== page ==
National Day Rally

Why Singapore needs a minority president from time to time

In the last 50 years, the Government has promoted religious and racial harmony through education, housing and many other policies, but we are not yet completely race-blind.

After Mr Lee Kuan Yew passed away, I visited Tanjong Pagar.

Senior Minister of State Indranee Rajah, who helped Mr Lee look after his residents, accompanied me. She had served there for many years and speaks Cantonese fluently. But one of the residents told me: "PM, please send us a bilingual minister."

These sentiments are present not just at Tanjong Pagar. There are voters of every race in every constituency who feel this way.

Actually, similar sentiments are present in every multiracial society. It's human nature.

We feel more comfortable interacting and working with people who share the same culture, language and ethnicity as we do. We accept each other more readily.

Ms Indranee with Mr Lee Kuan Yew on the election campaign trail in 2006. She helped him look after his residents in
Tanjong Pagar, serving there for many years and speaking Cantonese fluently. But one of the residents later told PM
Lee Hsien Loong: “PM, please send us a bilingual minister.” ST FILE PHOTO

Therefore, during elections, voters often wonder - or they would have thought of it - if candidates are able to communicate with them in their mother tongue.

"Can I speak directly to him and engage him comfortably? Does he understand me, where I am coming from - my culture and faith?"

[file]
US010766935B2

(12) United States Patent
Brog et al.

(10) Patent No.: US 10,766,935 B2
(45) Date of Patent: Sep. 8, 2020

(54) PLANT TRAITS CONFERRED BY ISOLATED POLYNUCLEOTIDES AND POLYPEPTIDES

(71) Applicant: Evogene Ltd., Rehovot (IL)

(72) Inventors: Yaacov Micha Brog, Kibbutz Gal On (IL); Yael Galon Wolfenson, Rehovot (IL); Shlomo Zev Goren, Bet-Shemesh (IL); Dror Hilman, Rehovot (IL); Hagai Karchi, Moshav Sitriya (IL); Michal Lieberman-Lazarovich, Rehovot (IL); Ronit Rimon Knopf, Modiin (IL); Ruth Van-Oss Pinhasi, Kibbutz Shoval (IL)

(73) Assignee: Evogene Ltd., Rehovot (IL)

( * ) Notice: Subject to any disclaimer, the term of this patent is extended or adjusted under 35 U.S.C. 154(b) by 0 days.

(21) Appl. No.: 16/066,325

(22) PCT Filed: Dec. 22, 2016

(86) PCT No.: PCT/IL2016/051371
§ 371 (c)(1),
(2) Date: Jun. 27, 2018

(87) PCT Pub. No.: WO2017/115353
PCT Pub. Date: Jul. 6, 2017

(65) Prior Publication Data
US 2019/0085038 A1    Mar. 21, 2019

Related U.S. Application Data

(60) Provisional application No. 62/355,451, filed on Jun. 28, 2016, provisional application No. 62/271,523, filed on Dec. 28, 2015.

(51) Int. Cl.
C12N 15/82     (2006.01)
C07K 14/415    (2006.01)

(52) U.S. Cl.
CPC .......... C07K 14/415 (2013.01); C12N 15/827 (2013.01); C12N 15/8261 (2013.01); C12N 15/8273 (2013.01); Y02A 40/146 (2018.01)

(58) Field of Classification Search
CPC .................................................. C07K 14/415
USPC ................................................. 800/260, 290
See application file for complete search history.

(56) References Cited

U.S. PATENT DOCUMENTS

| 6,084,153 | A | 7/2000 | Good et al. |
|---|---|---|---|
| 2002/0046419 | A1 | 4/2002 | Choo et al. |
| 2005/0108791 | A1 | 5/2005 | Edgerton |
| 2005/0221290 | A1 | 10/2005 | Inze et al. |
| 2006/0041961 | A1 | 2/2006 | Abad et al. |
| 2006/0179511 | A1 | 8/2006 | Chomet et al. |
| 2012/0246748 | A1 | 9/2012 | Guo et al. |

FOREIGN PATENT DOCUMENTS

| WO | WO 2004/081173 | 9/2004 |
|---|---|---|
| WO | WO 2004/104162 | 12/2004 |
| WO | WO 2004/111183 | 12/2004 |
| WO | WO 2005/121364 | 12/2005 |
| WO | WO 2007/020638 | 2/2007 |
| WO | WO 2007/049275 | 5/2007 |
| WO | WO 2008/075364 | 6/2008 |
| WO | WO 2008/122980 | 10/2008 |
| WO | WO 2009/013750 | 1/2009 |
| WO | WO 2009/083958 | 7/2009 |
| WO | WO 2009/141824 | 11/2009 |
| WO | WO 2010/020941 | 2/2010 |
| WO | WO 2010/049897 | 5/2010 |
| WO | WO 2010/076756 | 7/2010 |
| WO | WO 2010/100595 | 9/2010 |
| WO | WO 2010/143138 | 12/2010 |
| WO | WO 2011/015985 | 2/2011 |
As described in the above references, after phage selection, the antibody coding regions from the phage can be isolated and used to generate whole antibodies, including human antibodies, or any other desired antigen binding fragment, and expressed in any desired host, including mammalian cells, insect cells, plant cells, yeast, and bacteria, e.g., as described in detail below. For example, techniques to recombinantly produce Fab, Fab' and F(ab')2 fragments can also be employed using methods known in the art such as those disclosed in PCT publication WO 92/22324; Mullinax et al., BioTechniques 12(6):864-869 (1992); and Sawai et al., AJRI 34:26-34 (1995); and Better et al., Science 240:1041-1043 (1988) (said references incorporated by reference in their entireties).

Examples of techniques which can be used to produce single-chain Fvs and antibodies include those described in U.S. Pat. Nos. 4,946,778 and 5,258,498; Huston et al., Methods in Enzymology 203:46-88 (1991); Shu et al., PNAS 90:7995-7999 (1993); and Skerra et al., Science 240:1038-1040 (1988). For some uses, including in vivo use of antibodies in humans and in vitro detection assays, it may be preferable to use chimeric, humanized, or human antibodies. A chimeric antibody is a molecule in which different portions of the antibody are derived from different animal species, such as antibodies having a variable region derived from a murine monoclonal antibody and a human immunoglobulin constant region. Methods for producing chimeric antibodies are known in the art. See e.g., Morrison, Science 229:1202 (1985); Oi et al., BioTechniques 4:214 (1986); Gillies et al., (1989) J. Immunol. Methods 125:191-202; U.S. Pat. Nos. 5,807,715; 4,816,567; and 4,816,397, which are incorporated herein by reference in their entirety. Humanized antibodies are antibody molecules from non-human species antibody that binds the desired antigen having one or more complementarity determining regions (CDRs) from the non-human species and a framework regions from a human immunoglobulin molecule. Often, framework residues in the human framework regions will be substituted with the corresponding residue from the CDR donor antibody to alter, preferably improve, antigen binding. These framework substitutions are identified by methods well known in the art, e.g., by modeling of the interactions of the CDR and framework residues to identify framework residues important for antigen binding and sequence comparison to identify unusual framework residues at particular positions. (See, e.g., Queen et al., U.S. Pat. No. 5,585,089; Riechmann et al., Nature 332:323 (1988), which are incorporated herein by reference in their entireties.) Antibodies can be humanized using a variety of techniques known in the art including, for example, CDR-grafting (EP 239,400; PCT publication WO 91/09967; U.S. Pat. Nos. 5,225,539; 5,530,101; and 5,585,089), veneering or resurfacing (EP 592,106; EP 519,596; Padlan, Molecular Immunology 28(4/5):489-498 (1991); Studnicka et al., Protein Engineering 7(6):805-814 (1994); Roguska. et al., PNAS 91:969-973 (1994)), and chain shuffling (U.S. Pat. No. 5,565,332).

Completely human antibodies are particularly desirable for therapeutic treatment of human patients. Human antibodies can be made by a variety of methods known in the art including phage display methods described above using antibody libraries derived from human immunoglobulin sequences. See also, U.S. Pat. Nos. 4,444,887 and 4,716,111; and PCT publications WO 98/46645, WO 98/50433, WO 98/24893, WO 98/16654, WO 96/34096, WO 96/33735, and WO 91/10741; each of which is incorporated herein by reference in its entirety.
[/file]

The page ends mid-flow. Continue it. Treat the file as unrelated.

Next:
So, in Singapore, language and race do play a role in elections.

All things being equal, a minority candidate contesting in a Chinese-majority constituency is at a disadvantage, and in Singapore, every constituency is majority Chinese. This is why we have group representation constituencies (GRCs), to ensure that there will always be minority MPs in Parliament. Let's be honest with ourselves and deal with this squarely.

For a non-Chinese to become an MP, it is not easy. For a non-Chinese to be elected president is even harder. Hence, I proposed changes to the elected president scheme in January, to make sure that, from time to time, we will have a non-Chinese president.

Since the announcement, I have heard some feedback. People have said: "Since Singapore is multiracial, and we say 'regardless of race, language or religion', why is there a need to make provisions for minorities? Why not let the elections run their natural course?"

Some may feel that since we are a majority-Chinese country, when a Chinese president is elected, it is all right. I understand these feelings, but we need to face up to the reality of our multiracial context. Under the current system of contested national elections for president, we may not have a non-Chinese president for a long time. If so, this will weaken the sense of national identity among minorities, and affect our unity.

This is serious for it concerns our social cohesion, our multiracial society and our future.

It is important that we have a Malay, Indian or other races as president from time to time.

The president as head of state is the unifying symbol for all Singaporeans, and must be able to unite all Singaporeans. Our former president, Mr (S R) Nathan, is a shining example of this.

Mr Nathan is Indian but, as president, he looked after the interests of all Singaporeans. He proactively reached out to all races and got to know them well. I hope the Chinese community will support the constitutional changes we may propose so that if we have a good minority presidential candidate, he can become the president, and represent all Singaporeans.

•Excerpt from English translation of speech in Mandarin.

A version of this article appeared in the print edition of The Straits Times on August 23, 2016, with the headline 'Why Singapore needs a minority president from time to time'. Print Edition | Subscribe